That being said, we've got an ebook that could have been a Treasured Tome on our hands. This one is set in the not-so-distant future: the 2030s.

image via http://3.bp.blogspot.com/-DTMNUI6ZaVI/UYmho31vrHI/AAAAAAAAAuY/2rHEJ5DrDSM/s1600/Concealed+In+The+Shadows+eBook+2-1.jpg
Cover art by Marya Heiman 
Concealed in the Shadows is written by Gabrielle Arrowsmith. This one isn't actually an indie book, as you've already figured out. Rather, Concealed in the Shadows is published by a very small publishing company known as Clean Teen Publishing, which means I kind of bent my original rules a bit. How'd that happen, you ask? 


It was an accident, I swear!

I didn't actually realize my mistake until I finished this ebook, and I just couldn't pass up reviewing it. You needed to hear about it. It's a book well worth reading, and since Clean Teen Publishing is a very small company, I figured it would be okay to bend the rules a little...

...and then I decided to re-write them.

I did this partially because I like the idea of small publishing companies being highlighted on the web, rather than the big publishing houses, but also because I really wanted you to hear about Concealed in the Shadows. Like I said, it's well worth the read.

So what's it about?

For some time now, Sydney Harter has been crossing the electrical barriers that surround Miles County, training herself to elude the authorities if the need ever arises. She's prepared to do anything to ensure her little sister Evvie's safety. On her eighteenth birthday, Sydney goes to court to legally request full guardianship of her sister. The request is granted, and Sydney at last seems to have the ability to protect Evvie from the dangers of Miles. But as she goes on a run across the barrier the following morning, Sydney is thrust into a strange new world. Her one thought? To protect her sister at all costs.

This ebook felt like a warning about what could happen in the future if we continue to live in our social media driven world without paying heed to what's happening all around us.

Of course, that could simply be because I'm a strong supporter of the Internet Defense League (Cat signal!), and believe we need to be careful to watch just what our government is doing at all times - regardless of political affiliation. So I could simply be drawing on my personal beliefs...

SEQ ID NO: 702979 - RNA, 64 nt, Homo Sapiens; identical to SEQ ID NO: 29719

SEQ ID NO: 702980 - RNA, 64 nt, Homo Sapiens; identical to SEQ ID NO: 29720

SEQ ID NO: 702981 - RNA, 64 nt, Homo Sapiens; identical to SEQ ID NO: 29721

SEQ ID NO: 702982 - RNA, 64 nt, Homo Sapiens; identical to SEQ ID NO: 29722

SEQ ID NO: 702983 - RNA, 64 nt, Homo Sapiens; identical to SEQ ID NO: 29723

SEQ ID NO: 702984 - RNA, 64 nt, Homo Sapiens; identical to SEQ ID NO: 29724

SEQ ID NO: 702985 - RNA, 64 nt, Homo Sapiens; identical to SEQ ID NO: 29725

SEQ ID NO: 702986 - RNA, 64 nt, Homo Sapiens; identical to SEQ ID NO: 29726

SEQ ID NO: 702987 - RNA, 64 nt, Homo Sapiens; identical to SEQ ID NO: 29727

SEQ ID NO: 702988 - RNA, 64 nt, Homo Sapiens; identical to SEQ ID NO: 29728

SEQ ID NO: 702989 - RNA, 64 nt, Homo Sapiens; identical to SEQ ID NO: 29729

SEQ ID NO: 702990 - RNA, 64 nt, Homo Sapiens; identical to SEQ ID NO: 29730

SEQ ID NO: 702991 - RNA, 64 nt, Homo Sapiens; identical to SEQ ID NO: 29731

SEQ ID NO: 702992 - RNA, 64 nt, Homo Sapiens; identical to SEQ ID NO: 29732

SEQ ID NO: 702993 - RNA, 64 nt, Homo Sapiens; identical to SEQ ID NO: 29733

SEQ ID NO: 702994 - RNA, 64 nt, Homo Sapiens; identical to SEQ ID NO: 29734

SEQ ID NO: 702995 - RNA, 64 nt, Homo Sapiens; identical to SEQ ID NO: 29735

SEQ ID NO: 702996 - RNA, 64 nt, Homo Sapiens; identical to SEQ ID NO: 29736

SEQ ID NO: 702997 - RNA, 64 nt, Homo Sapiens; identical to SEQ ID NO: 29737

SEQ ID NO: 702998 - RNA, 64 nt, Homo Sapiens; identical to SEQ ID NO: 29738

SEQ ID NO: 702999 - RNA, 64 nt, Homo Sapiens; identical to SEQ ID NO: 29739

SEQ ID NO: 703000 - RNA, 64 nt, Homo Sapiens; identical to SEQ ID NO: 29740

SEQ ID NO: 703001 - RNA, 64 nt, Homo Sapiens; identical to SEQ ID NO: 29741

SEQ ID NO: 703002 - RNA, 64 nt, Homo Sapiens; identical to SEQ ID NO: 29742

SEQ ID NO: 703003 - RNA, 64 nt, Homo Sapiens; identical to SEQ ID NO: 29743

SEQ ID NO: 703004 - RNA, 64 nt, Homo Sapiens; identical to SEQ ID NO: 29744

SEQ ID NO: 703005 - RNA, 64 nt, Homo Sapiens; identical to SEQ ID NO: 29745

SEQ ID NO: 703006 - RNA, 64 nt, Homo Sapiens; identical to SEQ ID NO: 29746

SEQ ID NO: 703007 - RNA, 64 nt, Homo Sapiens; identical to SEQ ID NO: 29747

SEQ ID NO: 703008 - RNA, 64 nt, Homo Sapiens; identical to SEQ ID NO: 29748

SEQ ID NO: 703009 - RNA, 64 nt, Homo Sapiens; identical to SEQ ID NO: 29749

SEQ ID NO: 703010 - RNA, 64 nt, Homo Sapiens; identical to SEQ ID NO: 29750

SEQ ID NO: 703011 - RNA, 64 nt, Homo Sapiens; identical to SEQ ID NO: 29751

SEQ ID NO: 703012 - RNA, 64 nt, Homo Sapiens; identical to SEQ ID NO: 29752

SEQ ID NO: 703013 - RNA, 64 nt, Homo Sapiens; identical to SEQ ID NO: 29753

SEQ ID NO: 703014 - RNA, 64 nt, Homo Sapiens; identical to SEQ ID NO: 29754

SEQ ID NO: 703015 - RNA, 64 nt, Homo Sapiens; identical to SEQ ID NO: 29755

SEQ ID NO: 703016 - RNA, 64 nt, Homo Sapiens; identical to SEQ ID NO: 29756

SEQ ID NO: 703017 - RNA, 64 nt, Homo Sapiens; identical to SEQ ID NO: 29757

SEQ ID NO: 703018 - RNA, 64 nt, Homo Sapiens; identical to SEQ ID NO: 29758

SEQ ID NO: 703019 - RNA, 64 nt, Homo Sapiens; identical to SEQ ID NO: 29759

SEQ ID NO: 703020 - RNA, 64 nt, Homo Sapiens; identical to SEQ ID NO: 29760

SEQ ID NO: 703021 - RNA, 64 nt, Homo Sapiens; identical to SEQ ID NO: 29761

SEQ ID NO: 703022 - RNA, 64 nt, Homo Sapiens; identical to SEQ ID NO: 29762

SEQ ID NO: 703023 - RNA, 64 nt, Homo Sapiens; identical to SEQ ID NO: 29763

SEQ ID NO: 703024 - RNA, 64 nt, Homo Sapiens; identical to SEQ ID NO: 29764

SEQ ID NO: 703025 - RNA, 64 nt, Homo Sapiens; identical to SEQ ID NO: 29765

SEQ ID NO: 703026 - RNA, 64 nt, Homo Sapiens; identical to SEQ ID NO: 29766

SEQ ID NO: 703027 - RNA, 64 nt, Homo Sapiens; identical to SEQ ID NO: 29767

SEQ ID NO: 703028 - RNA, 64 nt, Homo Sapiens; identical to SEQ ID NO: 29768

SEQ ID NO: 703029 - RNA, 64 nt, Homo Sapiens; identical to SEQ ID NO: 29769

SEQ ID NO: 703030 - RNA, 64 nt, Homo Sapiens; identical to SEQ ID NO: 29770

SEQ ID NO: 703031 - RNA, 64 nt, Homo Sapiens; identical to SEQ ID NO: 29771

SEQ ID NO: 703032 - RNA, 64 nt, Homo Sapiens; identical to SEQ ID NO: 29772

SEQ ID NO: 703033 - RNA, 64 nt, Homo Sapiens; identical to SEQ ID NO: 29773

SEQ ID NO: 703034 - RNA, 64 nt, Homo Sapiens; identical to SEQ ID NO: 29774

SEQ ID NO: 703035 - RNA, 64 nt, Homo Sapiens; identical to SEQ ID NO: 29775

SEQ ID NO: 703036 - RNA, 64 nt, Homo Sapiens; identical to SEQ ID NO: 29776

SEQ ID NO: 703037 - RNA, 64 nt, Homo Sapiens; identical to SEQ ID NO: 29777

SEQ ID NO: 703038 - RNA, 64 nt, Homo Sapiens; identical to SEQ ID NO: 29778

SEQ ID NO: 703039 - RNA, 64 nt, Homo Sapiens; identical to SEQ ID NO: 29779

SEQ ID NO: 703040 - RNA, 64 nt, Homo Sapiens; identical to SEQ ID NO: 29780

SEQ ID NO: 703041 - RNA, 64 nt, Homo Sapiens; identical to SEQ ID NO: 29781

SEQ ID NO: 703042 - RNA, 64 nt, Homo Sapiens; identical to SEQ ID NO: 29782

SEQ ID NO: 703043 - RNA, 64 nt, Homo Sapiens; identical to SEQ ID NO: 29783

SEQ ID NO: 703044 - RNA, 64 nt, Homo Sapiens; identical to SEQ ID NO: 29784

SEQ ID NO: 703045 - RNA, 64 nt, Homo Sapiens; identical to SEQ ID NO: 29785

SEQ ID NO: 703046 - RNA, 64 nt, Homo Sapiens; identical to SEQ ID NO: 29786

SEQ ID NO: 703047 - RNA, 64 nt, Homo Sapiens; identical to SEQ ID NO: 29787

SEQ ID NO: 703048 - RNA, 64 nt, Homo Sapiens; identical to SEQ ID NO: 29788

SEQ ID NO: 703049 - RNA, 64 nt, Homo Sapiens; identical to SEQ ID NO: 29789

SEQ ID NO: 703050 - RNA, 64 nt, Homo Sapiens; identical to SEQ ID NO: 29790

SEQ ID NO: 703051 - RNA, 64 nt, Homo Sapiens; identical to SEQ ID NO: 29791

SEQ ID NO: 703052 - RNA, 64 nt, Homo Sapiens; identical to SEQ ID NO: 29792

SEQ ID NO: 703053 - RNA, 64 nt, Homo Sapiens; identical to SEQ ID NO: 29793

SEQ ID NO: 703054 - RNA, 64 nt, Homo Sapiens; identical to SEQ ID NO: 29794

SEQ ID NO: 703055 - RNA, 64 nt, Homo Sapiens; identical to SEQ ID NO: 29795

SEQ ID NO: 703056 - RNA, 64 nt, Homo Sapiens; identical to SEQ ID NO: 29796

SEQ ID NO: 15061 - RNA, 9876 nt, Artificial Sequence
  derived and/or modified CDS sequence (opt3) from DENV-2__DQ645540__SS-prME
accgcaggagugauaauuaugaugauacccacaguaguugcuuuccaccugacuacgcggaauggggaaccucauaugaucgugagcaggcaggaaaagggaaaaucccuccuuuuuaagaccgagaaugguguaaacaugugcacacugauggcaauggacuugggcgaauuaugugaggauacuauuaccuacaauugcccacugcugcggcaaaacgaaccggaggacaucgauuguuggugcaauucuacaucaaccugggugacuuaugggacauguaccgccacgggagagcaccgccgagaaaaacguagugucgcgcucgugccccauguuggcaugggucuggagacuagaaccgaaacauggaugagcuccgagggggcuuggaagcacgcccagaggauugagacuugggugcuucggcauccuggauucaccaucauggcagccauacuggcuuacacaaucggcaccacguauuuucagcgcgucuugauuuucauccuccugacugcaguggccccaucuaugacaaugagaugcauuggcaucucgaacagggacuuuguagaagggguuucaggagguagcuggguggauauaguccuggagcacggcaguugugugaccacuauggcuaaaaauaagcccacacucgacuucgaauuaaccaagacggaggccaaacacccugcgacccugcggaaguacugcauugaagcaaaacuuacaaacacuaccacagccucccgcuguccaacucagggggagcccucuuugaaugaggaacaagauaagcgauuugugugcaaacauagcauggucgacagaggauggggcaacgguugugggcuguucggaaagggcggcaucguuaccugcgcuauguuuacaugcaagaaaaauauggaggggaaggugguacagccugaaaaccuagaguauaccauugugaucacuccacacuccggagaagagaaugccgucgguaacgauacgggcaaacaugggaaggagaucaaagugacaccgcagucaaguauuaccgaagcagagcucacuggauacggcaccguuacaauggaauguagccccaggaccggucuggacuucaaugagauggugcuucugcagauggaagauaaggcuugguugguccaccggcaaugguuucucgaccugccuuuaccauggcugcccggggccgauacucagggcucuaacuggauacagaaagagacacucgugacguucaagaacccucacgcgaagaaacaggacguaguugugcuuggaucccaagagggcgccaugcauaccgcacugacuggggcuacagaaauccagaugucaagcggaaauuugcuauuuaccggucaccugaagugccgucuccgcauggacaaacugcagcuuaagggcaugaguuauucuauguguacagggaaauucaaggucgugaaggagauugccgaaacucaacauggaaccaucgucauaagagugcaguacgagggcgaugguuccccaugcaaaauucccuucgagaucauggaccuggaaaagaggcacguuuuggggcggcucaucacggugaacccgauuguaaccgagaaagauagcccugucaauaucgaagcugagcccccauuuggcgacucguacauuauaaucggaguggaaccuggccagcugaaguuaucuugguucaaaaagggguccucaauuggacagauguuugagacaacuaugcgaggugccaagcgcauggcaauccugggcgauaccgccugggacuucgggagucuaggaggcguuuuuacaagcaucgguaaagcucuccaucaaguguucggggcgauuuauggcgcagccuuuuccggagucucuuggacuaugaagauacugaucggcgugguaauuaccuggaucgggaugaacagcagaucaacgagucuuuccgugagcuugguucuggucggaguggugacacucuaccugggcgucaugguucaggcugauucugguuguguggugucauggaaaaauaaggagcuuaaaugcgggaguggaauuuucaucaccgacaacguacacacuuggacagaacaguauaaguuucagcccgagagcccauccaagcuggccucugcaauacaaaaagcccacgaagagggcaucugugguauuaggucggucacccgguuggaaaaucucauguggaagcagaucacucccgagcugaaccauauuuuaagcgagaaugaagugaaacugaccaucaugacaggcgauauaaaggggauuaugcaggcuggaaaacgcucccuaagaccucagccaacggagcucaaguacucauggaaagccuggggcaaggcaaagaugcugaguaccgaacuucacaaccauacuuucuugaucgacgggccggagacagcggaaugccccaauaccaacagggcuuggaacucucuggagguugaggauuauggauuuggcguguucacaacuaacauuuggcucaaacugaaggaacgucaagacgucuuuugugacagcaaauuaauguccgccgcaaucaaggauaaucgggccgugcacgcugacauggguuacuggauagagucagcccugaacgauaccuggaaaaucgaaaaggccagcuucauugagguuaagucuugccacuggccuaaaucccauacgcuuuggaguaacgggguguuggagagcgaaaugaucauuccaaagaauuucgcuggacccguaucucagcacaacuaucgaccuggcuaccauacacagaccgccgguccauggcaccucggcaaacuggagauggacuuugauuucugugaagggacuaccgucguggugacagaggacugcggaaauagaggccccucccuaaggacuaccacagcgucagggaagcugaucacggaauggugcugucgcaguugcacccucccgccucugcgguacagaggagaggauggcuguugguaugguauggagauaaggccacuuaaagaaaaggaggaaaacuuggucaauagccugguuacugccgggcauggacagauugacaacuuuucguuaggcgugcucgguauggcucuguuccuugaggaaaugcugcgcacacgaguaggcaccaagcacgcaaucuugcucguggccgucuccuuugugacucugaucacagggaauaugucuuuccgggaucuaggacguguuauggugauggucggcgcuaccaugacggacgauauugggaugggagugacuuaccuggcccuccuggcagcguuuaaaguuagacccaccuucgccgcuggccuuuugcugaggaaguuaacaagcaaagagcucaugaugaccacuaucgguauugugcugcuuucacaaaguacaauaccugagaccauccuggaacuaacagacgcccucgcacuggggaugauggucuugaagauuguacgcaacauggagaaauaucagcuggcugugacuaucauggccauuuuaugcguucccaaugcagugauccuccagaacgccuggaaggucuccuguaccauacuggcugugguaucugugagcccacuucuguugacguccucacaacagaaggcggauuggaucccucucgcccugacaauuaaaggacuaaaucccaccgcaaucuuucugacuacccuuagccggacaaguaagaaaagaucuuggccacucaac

Which means the author made it personal!

Arrowsmith made me laugh, and she made me tear up... twice. I got angry at the characters, then forgave them. I longed to make them understand each other, and wanted to throttle them whenever they made dumb choices - especially the irrational choices that I would have made under the same circumstances.

The characters weren't just believable. They felt real. If I chose to read this aloud, I'd be able to do it smoothly and with proper inflection. Dialogue was perfect. I assume this has to do with Arrowsmith's experience with community/school acting - of which she has plenty. She understands the importance of vocalizing the dialogue she writes.

What about the flaws?

Honestly, there were very few. There were some clunky and mixed up sentences that caused me a bit of confusion, especially in the first four pages. There were also a few typos and incorrect word usages that caused me to raise my eyebrows a few times.

But that was it. 

Don't let those first few pages stop you from reading. Concealed in the Shadows kept my interest throughout. I didn't want to stop reading, and even lost a bit of sleep because I couldn't put it down. 

You can pick up Concealed in the Shadows on Kindle, Nook, and Smashwords.

Tuesday, May 6, 2014

The Flight of the Vessel: A High Fantasy

The quest for a second Treasured Tome has begun!

I read another fantasy this time. Unlike the last, there was nothing comedic about it. Rather, this was a high fantasy set during a war of epic proportions.

Sorcery and swordsmanship, 
Royalty and rogues, 
The forces of light and darkness.

It was all there.

image via http://indiehousebooks.com/wp-content/uploads/2014/04/81YGzn83G-L._SL1500_.jpg
Cover Art by Nick Deligaris

The work I speak of is Flight of the Vessel by Robert Clifton Storey, Jr. It's the first part of his Vision Dream Series.

So what's it about?

Kingdoms throughout the world fall after a brutal invasion by the armies of the mysterious sorcerer known as Shutharja. The princess of Palzintine, Angelterra, is forced to flee with a small group of loyal subjects when her parents are lost in battle. Taking up the mantle of the Regency, she leads what remains of her fractured kingdom while banding together with other leaders in an attempt to mount a strong defense against the enemy. At the same time, however, Angelterra must wrestle with her newfound abilities as a magic user, as well as focus on a quest given to her by the Spirit of the Heavenly Father during a vision dream.

The storyline was a great one, having all the necessary components of an epic, high fantasy: a fight between good and evil that has an impact on the world as a whole, large-scale battles, magical creatures, clear boundaries between dark and light magic, and dialogue that has an archaic touch to it.

Storey is clearly a highly intelligent person that has an exceptional eye for detail. 

I found myself learning quite a bit as I read through Flight of the Vessel. He has a spectacular talent for getting non-tacticians like myself to understand a complex and far-reaching battle plan. I saw soldiers maneuver into position, and I was able to actively see how and why something would work or fail.

This is not an easy task.

Trust me. My comprehension of military strategy is kind of similar to... well...

"...and then the fourth regiment blah blah pink ponies blah blah blah. Got that?" "?!"